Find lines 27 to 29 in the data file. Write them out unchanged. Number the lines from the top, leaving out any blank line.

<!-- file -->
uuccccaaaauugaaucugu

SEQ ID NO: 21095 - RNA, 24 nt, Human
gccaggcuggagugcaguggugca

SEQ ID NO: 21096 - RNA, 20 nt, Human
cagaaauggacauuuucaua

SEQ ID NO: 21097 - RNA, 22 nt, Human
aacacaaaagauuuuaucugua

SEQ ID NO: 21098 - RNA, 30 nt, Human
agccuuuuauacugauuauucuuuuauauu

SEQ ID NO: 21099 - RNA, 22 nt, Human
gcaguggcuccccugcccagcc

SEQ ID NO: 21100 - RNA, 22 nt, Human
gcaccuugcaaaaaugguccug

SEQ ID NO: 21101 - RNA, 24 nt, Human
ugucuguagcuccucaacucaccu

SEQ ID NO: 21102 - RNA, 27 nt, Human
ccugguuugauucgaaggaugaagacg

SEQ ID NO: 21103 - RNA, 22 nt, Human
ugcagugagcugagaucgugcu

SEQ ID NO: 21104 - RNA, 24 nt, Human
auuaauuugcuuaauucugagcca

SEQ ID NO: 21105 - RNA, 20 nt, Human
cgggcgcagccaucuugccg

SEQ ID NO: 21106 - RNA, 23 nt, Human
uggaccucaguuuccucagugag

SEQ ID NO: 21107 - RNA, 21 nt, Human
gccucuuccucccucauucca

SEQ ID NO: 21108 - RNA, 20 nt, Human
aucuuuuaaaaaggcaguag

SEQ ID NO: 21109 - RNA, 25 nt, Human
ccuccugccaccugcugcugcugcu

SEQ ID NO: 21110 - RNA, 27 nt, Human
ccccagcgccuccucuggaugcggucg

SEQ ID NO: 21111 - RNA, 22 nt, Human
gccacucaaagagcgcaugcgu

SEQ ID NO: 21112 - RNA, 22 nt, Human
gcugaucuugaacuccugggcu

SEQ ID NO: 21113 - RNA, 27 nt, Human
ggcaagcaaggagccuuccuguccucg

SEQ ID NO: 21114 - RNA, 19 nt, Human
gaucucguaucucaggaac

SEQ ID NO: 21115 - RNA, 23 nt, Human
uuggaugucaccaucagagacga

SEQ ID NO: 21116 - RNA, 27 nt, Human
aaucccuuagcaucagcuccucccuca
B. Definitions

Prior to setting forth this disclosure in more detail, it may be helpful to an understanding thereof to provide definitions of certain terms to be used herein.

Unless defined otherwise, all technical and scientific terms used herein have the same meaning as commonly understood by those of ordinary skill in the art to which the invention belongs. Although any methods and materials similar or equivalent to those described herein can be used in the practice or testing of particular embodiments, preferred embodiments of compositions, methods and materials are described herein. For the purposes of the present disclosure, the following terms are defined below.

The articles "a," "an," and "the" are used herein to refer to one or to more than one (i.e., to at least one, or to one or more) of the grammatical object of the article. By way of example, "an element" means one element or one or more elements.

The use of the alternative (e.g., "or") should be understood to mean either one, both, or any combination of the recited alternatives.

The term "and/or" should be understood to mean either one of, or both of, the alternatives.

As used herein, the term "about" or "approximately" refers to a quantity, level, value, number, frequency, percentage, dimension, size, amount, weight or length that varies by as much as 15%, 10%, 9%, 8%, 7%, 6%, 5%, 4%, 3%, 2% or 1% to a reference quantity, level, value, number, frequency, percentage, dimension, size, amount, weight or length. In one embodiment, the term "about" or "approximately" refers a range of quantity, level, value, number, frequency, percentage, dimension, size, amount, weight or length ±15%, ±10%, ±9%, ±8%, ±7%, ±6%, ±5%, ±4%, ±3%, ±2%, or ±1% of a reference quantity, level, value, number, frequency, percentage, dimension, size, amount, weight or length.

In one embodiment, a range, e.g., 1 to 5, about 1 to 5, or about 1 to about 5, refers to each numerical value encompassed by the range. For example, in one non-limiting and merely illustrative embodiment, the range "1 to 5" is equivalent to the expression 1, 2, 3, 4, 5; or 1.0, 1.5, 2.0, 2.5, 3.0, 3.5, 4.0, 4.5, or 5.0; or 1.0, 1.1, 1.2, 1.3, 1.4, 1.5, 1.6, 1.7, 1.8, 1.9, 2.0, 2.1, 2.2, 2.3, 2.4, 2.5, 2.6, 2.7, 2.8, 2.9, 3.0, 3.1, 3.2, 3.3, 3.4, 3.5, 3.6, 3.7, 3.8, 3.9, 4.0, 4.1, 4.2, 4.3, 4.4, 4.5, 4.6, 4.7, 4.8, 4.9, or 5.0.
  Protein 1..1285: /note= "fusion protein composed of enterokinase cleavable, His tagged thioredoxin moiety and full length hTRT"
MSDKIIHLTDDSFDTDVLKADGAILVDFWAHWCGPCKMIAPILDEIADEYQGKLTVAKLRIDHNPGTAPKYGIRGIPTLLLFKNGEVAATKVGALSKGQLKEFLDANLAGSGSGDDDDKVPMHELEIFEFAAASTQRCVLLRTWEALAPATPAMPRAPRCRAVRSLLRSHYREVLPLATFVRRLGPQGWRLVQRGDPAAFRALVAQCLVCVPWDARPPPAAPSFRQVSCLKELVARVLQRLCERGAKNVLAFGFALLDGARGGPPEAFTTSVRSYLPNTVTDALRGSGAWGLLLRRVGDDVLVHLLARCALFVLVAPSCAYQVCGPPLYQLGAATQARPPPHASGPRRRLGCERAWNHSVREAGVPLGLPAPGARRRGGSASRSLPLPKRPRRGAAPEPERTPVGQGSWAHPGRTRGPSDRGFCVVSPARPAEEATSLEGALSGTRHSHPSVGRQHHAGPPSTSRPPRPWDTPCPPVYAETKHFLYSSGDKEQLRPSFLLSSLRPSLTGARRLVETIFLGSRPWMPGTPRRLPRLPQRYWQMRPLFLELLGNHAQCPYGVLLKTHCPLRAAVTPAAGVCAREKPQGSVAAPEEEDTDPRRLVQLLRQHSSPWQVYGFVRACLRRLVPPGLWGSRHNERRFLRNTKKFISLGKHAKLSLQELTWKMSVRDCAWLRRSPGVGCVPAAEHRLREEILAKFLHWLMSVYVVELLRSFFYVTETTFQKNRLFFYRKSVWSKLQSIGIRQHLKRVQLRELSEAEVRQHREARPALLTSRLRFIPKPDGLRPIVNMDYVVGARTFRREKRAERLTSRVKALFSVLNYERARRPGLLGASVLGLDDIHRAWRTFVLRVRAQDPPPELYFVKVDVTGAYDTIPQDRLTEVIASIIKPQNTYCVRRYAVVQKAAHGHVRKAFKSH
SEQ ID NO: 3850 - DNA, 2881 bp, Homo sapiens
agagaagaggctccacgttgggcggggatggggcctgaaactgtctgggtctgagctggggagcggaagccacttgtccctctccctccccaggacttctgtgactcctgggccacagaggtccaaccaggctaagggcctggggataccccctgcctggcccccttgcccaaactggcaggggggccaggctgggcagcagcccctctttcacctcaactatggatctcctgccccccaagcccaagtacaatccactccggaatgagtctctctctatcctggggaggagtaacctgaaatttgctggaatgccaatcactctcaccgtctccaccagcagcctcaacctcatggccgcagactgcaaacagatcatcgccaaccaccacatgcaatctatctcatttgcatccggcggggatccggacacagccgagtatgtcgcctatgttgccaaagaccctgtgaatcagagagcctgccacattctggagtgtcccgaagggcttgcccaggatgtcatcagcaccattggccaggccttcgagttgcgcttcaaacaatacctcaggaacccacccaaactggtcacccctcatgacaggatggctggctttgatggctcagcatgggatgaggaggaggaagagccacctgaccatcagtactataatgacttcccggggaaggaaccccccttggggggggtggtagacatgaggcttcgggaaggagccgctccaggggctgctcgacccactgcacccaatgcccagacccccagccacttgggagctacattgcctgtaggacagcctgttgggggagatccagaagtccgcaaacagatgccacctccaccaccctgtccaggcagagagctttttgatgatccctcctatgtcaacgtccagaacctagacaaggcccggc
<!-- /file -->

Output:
gccucuuccucccucauucca

SEQ ID NO: 21108 - RNA, 20 nt, Human
aucuuuuaaaaaggcaguag